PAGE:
We stayed in the Gran Hotel Botanicos, which is very well communicated to the center, with every place of interest of walking distance.  It has modern facilities, like the toilet cover that with a slight touch closes automatically.  The sink stoppage is closed by pressure, the blinds go up and down with buttons control. The shower with two types of showers, hand, a smaller one, and the head shower, a big one. But the best thing about it is that from its fifth floor there is access to the upper street level and it saves one from climbing up all the stairs.  It also has a wide view of Teruel from the 7th floor.  Here is what the room looks like. 


After checking in, we decided to go immediately to Albarracín, the former capital of a Moorish kingdom (Taifa). It is a small town which has preserved all its Islamic and medieval flavour. Its old quarter has the Property of Cultural Interest designation. Albarracin is a beautifully preserved medieval village, about thirty minutes away from Teruel.

The main thing that surprises visitors who arrive at the town of Albarracín is its imposing fortified enclosure, whose perimeter is far larger than the area of the urban centre.

We arrived in time for lunch and we decided to stop by the road in a restaurant called "Asador Albarracín".  There was a set menu for 15€ per person and the food was excellent, and so was service.  The first plate included, grated mushrooms and thistle stalks, for me and raw cod salad, for Ron. For the second plate I had roast leg of lamb and for Ron, roast pork .  For dessert, I had soft creme with toasted caramel on top, while Ron had flan, both were done in house.



While we were eating, and that was soon after we entered the restaurant, rain poured like cats and dogs with thunder included.  It stayed that way until after we have finished eating. But like any of those summer rains, they did not last all day.  We dared the rain with our umbrellas (I brought my rain jacket, but Ron did not) after waiting some time for the rain to pour less.  We had arranged for a walking tour so we had to look for the meeting place.  Because of the rain, only Ron and myself joined the tour, which was an excellent opportunity for us.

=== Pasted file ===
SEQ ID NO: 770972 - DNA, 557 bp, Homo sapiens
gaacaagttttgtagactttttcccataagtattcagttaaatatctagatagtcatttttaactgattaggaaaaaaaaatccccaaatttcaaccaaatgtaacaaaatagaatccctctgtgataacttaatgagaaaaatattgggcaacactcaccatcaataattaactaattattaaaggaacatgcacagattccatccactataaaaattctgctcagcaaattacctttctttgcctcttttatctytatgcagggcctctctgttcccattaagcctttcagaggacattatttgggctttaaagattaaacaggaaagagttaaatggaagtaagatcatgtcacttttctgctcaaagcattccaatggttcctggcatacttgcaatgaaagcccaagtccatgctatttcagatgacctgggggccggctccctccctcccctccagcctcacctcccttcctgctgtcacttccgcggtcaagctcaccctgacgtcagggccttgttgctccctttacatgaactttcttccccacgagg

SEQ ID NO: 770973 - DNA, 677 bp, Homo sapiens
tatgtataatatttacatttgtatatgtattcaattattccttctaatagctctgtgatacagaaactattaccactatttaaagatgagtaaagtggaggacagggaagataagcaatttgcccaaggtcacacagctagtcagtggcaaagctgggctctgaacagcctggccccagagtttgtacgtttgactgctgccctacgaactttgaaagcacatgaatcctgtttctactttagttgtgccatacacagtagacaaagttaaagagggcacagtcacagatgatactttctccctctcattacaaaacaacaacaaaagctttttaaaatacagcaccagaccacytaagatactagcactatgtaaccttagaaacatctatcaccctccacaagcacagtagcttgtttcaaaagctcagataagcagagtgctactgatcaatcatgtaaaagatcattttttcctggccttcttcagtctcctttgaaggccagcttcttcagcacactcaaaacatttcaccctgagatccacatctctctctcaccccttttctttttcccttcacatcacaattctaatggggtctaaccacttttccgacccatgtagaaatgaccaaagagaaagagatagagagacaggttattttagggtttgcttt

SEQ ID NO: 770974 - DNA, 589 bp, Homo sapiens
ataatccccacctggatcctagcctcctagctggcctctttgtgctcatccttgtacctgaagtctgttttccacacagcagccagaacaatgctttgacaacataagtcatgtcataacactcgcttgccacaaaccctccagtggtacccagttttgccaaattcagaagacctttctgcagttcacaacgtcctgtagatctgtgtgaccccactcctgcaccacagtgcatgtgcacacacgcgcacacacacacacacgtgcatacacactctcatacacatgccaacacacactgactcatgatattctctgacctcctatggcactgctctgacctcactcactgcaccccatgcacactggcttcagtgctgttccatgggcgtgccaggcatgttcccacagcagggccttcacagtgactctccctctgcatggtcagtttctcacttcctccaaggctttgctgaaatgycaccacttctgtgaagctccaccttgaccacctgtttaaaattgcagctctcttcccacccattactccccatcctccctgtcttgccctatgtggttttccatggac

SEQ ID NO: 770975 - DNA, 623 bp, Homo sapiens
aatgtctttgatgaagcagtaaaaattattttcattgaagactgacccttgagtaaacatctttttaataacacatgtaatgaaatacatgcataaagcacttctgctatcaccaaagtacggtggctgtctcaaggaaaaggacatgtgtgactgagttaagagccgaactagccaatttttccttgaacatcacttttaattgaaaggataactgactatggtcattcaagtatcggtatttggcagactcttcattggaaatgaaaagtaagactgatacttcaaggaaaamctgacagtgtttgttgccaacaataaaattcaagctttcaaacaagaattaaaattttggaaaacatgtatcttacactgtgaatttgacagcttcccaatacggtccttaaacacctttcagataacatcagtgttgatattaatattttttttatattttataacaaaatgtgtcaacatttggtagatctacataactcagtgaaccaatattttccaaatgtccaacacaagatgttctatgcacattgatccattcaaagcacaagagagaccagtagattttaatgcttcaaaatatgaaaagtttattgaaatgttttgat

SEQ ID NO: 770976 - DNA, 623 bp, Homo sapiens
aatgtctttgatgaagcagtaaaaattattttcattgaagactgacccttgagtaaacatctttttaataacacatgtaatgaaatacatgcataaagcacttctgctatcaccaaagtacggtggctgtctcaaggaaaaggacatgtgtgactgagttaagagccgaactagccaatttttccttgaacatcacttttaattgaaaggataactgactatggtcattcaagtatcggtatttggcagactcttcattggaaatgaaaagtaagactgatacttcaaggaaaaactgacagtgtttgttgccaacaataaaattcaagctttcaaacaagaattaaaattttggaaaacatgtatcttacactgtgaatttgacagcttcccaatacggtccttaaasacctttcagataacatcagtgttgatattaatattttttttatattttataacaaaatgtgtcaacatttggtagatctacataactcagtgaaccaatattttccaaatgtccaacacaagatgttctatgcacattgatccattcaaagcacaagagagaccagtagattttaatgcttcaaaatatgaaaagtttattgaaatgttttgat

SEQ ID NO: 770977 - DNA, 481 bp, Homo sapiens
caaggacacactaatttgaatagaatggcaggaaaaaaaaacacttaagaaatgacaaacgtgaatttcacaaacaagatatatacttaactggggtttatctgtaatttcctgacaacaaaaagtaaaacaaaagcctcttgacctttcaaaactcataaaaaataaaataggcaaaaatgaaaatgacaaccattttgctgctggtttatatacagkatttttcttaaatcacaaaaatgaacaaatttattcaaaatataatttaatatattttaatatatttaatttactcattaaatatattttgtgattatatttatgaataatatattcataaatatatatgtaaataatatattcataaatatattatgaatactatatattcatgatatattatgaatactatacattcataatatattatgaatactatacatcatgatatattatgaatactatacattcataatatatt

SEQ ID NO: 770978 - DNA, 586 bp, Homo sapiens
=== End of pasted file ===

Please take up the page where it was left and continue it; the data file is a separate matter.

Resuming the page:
We went inside the Albarracin cathedral first.  It is now under construction for several years and pending of donations as it remodelates one section from another; whereas the exterior has been completely reformed.  It was opened specially for Ron and myself and we were shown around given with all of the detailed explanations. Lucky us!!!  To see the picture of the cathedral follow this link:



The restoration is a long process.  Some parts of the walls were scraped and they found the paintings shown above on the walls.  An extraordinary finding which is now under reconstruction.

The guide walked with us through the main parts of the town, which we were able to view without the complications from rain.  Somehow, the sky connived with us to give us a pleasant tour.  Some of the interesting places which we saw (and visited again later on our own) are here below:







Notice the pebbled streets with the reddish colored tiles of rodeno, the proximity of buildings with one another and the layered floors of houses with the basic foundation smaller than the upper floors.  Likewise peculiar are their doorbells as well as the forms of their rain drainage.

The Julianeta House


"The House of Julianeta" is the most emblematic building of the popular architecture of Albarracín. It is a house of plaster and wood, of surprising construction irregularities, vertically inclined seemingly unbalanced; popularly compared with the "Leaning tower of Pisa",  which retains the characteristic elements of the peculiar structures of Albarracín.  It has been converted into artists' workshops.

The steep streets stand out, among which the Plaza Mayor square is situated. The Town Hall is located there, providing an amazing lookout point over the Guadalaviar River.

On the way back to the car, here are the pintoresque photos:


Before leaving Albarracín, we passed by a bar called El Molino del Gato.  It was built in the 15th century and it is located near the village and next to the Guadalaviar river. It used to be one of the most important mills along the range of the mountains. It was owned by the Bishop and here the city tithes were collected.  Although they only serve common drinks, it is a quiet place to relax.  Through the transparent glass on its floors, you can view the waters of the Guadalaviar river as it flows.

Albarracín, one of my favorite small towns from what I have visited in Spain.  A charming place where not even the torrential rains, the pebbles that dragged the mountains to the steep streets, the pieces of the roof which possibly chipped off because of the rain, nor the slippery paths prevented Ron and me to enjoy its spectacular corners and views. It is a difficult place for me to forget and I will always have fond memories of my visit in Albarracín!